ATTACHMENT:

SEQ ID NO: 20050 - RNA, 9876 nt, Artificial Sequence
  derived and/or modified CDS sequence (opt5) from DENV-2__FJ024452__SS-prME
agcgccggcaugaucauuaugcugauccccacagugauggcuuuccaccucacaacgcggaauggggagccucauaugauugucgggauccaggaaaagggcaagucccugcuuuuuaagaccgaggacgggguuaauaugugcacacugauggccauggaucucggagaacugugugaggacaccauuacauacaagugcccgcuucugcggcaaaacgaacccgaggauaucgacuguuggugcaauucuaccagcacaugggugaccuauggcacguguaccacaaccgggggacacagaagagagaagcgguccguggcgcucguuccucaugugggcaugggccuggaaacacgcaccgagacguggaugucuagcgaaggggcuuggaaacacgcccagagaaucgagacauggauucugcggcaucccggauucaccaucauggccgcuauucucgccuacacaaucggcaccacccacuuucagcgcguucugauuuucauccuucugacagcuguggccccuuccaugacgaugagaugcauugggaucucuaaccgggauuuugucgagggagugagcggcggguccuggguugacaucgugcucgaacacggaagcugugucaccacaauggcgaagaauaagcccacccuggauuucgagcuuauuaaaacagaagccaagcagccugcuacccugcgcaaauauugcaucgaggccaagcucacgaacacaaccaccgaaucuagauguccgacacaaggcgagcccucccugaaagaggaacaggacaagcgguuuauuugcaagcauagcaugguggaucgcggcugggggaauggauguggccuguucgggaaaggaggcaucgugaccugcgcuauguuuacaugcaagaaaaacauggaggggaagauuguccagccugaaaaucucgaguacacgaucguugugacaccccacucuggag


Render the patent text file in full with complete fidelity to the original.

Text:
SEQ ID NO: 20050 - RNA, 9876 nt, Artificial Sequence
  derived and/or modified CDS sequence (opt5) from DENV-2__FJ024452__SS-prME
agcgccggcaugaucauuaugcugauccccacagugauggcuuuccaccucacaacgcggaauggggagccucauaugauugucgggauccaggaaaagggcaagucccugcuuuuuaagaccgaggacgggguuaauaugugcacacugauggccauggaucucggagaacugugugaggacaccauuacauacaagugcccgcuucugcggcaaaacgaacccgaggauaucgacuguuggugcaauucuaccagcacaugggugaccuauggcacguguaccacaaccgggggacacagaagagagaagcgguccguggcgcucguuccucaugugggcaugggccuggaaacacgcaccgagacguggaugucuagcgaaggggcuuggaaacacgcccagagaaucgagacauggauucugcggcaucccggauucaccaucauggccgcuauucucgccuacacaaucggcaccacccacuuucagcgcguucugauuuucauccuucugacagcuguggccccuuccaugacgaugagaugcauugggaucucuaaccgggauuuugucgagggagugagcggcggguccuggguugacaucgugcucgaacacggaagcugugucaccacaauggcgaagaauaagcccacccuggauuucgagcuuauuaaaacagaagccaagcagccugcuacccugcgcaaauauugcaucgaggccaagcucacgaacacaaccaccgaaucuagauguccgacacaaggcgagcccucccugaaagaggaacaggacaagcgguuuauuugcaagcauagcaugguggaucgcggcugggggaauggauguggccuguucgggaaaggaggcaucgugaccugcgcuauguuuacaugcaagaaaaacauggaggggaagauuguccagccugaaaaucucgaguacacgaucguugugacaccccacucuggag